Cultural tourists are individual travellers who prepare well for their trip in advance. Not only do they book their accommodation, transport and activities online. But they also read a lot about their destination before the trip.
You can get information about the destination you’re going to visit on travel blogs and in travel guides. However, one of my favourite ways of preparing for the trip is by reading a novel set in a destination I’m going to visit. Descriptions of its streets, architecture and life in that place make planning the trip even more exciting.
5 – Join guided tours while travelling
Guided tours are some of the best ways to learn about the local culture and destination you’re visiting. I don’t talk about mass group tours but small or private guided tours. You can join some while visiting a museum or a historical site. Or, you can learn more about the city’s history or specific areas during some of those tours.
⤷ Read more: 21 Most beautiful castles in Europe
6 – Try to learn a few words of the local language before and during your trip
If you plan to listen to tip no. 3 (meet some locals) from my list of how to be a cultural tourist, then this point is pretty important. If you want to be a proper cultural tourist, try to learn a few words of the local language before and during your trip.
Saying hello and thank you are some of the basics. But, if you’d like to go that extra mile, then a few more words would do magic. It’s also a great way to show respect towards the locals. Something proper culture tourists always do!
7 – Visit less known destinations for better cultural experiences
Popular and very touristic destinations often won’t give you genuine insight into the local culture. If you want to have more of an authentic experience, aim for the smaller places. Small fishermen’s villages around Barcelona will show you more true Catalunya than its capital. Small towns in France will give you a better insight into the French lifestyle than Paris.
An example I always love to give is museums with Van Gogh‘s artworks. Most tourists who want to see the work of that famous Dutch painter visit the Van Gogh Museum in Amsterdam. But, that museum is often packed with people, and you won’t have a chance to enjoy his paintings that much. However, very few visit another Dutch institution, the Kröller-Müller Museum, home to the second-largest collection of Van Gogh’s paintings. It’s home to numerous fantastic artworks, but much less crowded and a place where you can enjoy his artworks in peace and quiet.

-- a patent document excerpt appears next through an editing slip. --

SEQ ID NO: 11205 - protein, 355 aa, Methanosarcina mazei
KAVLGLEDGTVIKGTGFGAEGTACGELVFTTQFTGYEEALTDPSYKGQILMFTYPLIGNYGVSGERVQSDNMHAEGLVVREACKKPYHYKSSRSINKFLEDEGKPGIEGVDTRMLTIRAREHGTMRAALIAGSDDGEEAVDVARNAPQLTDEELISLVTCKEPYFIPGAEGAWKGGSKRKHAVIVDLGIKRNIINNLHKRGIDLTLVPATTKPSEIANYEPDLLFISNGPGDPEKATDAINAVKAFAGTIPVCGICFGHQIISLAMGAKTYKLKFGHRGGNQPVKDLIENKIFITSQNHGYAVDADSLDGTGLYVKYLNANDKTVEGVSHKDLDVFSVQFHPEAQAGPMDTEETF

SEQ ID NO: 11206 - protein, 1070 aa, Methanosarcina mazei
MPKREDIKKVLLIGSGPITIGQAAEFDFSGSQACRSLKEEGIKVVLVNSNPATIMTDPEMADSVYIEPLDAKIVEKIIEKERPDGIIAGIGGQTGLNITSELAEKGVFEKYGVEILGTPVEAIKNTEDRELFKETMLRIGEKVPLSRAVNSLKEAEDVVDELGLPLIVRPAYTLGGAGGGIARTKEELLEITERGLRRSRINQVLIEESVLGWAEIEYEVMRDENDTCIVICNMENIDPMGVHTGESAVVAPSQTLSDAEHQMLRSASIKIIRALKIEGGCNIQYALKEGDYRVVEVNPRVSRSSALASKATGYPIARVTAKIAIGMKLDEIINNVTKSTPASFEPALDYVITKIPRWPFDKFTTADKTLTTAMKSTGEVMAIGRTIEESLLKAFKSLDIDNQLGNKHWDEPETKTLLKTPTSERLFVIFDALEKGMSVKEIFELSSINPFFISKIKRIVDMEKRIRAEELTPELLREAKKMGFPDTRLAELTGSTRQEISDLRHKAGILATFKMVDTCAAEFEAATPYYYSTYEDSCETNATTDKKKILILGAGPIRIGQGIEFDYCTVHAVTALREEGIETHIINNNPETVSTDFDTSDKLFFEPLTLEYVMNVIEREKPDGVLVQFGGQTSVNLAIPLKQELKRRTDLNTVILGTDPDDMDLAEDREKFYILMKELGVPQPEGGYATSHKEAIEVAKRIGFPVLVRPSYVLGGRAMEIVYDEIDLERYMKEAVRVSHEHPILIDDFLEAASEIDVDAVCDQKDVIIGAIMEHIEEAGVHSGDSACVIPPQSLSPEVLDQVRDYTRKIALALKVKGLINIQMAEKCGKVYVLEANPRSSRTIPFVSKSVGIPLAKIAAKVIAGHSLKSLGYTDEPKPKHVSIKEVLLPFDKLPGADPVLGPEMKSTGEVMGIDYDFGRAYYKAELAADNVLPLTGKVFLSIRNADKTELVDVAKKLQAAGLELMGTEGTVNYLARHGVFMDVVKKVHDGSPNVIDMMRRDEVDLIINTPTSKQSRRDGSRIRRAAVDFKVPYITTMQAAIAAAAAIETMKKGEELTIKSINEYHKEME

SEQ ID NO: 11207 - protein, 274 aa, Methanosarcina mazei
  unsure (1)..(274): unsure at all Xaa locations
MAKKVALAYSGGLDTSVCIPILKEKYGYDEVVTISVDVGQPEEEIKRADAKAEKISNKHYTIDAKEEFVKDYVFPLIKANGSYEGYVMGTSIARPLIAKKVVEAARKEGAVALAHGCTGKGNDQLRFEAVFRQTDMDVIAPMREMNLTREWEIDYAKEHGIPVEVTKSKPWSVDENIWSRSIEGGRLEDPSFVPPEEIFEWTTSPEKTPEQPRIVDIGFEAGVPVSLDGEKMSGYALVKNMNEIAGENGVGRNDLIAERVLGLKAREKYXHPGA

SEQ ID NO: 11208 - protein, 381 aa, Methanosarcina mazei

So, you understand my point here – visit less known destinations for better cultural experiences!
8 – Search for cultural events worth visiting
Have you ever considered visiting a destination just to attend some cultural events like concerts or festivals? If yes, you could definitely consider yourself a cultural tourist. I often visit some destinations because of the temporary exhibitions organised there. For example, I plan to go to Amsterdam at the beginning of the next year to see Johannes Vermeer‘s exhibition that will be organised in the Rijksmuseum.
Some local festivals are even better reasons to visit a particular destination. Christmas markets are some of the best known. However, many interesting cultural events are organised across Europe in the summer.
9 – Try local food while travelling
Local food shows you the soul of the country. My favourite way of learning about the local culture is by visiting the market of a destination I’m seeing. It’s a perfect place to try some local food, learn about it and feel the lifestyle of a destination.
It’s also a great way to meet and chat with some locals. And don’t be afraid if you don’t speak the local language. A smile and a few words in English can mostly be enough.
⤷ Read more: The most interesting European myths and legends
10 – Read and follow Culture Tourist for travel inspiration
Are you Culture Tourist’s regular reader? If you are, you can already consider yourself a cultural tourist!
Shameless self-promotion aside, reading about some great and inspiring examples of cultural tourism worldwide could help you be a cultural tourist. It makes it easier to stay informed about exciting destinations to visit and inspired about fun cultural trips to take.
With its focus on local communities, art and sustainability, well-executed cultural tourism is the future of travel. I hope this article helped you understand how to be a cultural tourist.
Do you consider yourself a cultural tourist? What are some other things you do to be one? Let me know in the comments below!